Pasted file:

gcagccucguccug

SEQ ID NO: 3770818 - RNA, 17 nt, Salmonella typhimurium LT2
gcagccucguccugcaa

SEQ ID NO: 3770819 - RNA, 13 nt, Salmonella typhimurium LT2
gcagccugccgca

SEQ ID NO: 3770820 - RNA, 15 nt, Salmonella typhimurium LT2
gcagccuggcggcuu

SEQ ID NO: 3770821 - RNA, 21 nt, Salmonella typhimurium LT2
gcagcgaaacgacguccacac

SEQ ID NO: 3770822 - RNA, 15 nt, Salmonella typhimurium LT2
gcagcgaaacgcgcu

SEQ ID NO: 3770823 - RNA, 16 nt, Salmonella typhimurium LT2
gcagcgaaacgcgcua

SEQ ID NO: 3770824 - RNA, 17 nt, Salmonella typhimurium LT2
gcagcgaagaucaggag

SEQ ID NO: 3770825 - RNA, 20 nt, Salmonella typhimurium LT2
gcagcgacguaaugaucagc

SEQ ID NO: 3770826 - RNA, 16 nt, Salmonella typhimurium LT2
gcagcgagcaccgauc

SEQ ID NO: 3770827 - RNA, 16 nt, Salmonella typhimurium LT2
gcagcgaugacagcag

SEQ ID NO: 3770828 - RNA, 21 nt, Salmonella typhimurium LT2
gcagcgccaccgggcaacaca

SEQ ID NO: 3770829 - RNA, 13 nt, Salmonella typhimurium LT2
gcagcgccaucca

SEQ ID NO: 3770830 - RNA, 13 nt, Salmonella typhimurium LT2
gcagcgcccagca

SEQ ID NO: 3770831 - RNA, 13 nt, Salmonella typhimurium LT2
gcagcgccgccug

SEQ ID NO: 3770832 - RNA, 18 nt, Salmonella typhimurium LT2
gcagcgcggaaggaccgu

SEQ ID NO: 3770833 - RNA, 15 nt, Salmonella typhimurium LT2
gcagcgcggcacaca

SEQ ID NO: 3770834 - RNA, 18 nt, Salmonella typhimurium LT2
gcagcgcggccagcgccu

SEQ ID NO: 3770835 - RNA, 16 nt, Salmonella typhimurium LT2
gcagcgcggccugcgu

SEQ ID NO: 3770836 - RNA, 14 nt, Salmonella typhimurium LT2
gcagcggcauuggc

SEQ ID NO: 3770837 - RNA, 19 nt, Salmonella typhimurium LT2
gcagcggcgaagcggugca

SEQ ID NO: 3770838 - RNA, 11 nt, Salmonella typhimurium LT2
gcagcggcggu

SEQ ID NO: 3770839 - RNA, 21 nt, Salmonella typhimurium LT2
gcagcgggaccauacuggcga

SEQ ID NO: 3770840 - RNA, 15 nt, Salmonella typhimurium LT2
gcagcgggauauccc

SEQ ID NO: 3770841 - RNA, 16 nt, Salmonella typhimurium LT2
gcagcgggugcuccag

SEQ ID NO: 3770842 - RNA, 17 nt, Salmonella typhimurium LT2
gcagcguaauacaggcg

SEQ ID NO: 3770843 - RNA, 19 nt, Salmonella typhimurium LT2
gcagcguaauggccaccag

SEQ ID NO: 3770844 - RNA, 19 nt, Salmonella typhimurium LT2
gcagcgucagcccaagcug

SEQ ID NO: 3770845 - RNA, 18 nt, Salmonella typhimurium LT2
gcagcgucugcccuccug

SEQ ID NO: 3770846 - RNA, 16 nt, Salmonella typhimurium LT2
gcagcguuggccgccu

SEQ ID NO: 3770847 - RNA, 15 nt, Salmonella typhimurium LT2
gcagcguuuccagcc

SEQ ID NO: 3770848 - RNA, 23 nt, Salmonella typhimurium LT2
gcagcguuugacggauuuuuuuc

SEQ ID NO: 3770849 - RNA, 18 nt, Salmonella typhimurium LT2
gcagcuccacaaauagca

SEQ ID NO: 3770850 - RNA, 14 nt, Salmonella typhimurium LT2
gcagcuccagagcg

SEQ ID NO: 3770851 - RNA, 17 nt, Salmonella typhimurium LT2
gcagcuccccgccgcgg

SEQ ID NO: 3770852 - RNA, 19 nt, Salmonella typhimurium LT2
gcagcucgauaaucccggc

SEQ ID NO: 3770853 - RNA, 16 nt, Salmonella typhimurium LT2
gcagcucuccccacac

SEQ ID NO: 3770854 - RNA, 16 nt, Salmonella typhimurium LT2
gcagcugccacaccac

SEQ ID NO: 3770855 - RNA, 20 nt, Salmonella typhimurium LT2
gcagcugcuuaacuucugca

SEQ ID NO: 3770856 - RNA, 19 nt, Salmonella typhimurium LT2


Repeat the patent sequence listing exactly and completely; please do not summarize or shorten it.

gcagccucguccug

SEQ ID NO: 3770818 - RNA, 17 nt, Salmonella typhimurium LT2
gcagccucguccugcaa

SEQ ID NO: 3770819 - RNA, 13 nt, Salmonella typhimurium LT2
gcagccugccgca

SEQ ID NO: 3770820 - RNA, 15 nt, Salmonella typhimurium LT2
gcagccuggcggcuu

SEQ ID NO: 3770821 - RNA, 21 nt, Salmonella typhimurium LT2
gcagcgaaacgacguccacac

SEQ ID NO: 3770822 - RNA, 15 nt, Salmonella typhimurium LT2
gcagcgaaacgcgcu

SEQ ID NO: 3770823 - RNA, 16 nt, Salmonella typhimurium LT2
gcagcgaaacgcgcua

SEQ ID NO: 3770824 - RNA, 17 nt, Salmonella typhimurium LT2
gcagcgaagaucaggag

SEQ ID NO: 3770825 - RNA, 20 nt, Salmonella typhimurium LT2
gcagcgacguaaugaucagc

SEQ ID NO: 3770826 - RNA, 16 nt, Salmonella typhimurium LT2
gcagcgagcaccgauc

SEQ ID NO: 3770827 - RNA, 16 nt, Salmonella typhimurium LT2
gcagcgaugacagcag

SEQ ID NO: 3770828 - RNA, 21 nt, Salmonella typhimurium LT2
gcagcgccaccgggcaacaca

SEQ ID NO: 3770829 - RNA, 13 nt, Salmonella typhimurium LT2
gcagcgccaucca

SEQ ID NO: 3770830 - RNA, 13 nt, Salmonella typhimurium LT2
gcagcgcccagca

SEQ ID NO: 3770831 - RNA, 13 nt, Salmonella typhimurium LT2
gcagcgccgccug

SEQ ID NO: 3770832 - RNA, 18 nt, Salmonella typhimurium LT2
gcagcgcggaaggaccgu

SEQ ID NO: 3770833 - RNA, 15 nt, Salmonella typhimurium LT2
gcagcgcggcacaca

SEQ ID NO: 3770834 - RNA, 18 nt, Salmonella typhimurium LT2
gcagcgcggccagcgccu

SEQ ID NO: 3770835 - RNA, 16 nt, Salmonella typhimurium LT2
gcagcgcggccugcgu

SEQ ID NO: 3770836 - RNA, 14 nt, Salmonella typhimurium LT2
gcagcggcauuggc

SEQ ID NO: 3770837 - RNA, 19 nt, Salmonella typhimurium LT2
gcagcggcgaagcggugca

SEQ ID NO: 3770838 - RNA, 11 nt, Salmonella typhimurium LT2
gcagcggcggu

SEQ ID NO: 3770839 - RNA, 21 nt, Salmonella typhimurium LT2
gcagcgggaccauacuggcga

SEQ ID NO: 3770840 - RNA, 15 nt, Salmonella typhimurium LT2
gcagcgggauauccc

SEQ ID NO: 3770841 - RNA, 16 nt, Salmonella typhimurium LT2
gcagcgggugcuccag

SEQ ID NO: 3770842 - RNA, 17 nt, Salmonella typhimurium LT2
gcagcguaauacaggcg

SEQ ID NO: 3770843 - RNA, 19 nt, Salmonella typhimurium LT2
gcagcguaauggccaccag

SEQ ID NO: 3770844 - RNA, 19 nt, Salmonella typhimurium LT2
gcagcgucagcccaagcug

SEQ ID NO: 3770845 - RNA, 18 nt, Salmonella typhimurium LT2
gcagcgucugcccuccug

SEQ ID NO: 3770846 - RNA, 16 nt, Salmonella typhimurium LT2
gcagcguuggccgccu

SEQ ID NO: 3770847 - RNA, 15 nt, Salmonella typhimurium LT2
gcagcguuuccagcc

SEQ ID NO: 3770848 - RNA, 23 nt, Salmonella typhimurium LT2
gcagcguuugacggauuuuuuuc

SEQ ID NO: 3770849 - RNA, 18 nt, Salmonella typhimurium LT2
gcagcuccacaaauagca

SEQ ID NO: 3770850 - RNA, 14 nt, Salmonella typhimurium LT2
gcagcuccagagcg

SEQ ID NO: 3770851 - RNA, 17 nt, Salmonella typhimurium LT2
gcagcuccccgccgcgg

SEQ ID NO: 3770852 - RNA, 19 nt, Salmonella typhimurium LT2
gcagcucgauaaucccggc

SEQ ID NO: 3770853 - RNA, 16 nt, Salmonella typhimurium LT2
gcagcucuccccacac

SEQ ID NO: 3770854 - RNA, 16 nt, Salmonella typhimurium LT2
gcagcugccacaccac

SEQ ID NO: 3770855 - RNA, 20 nt, Salmonella typhimurium LT2
gcagcugcuuaacuucugca

SEQ ID NO: 3770856 - RNA, 19 nt, Salmonella typhimurium LT2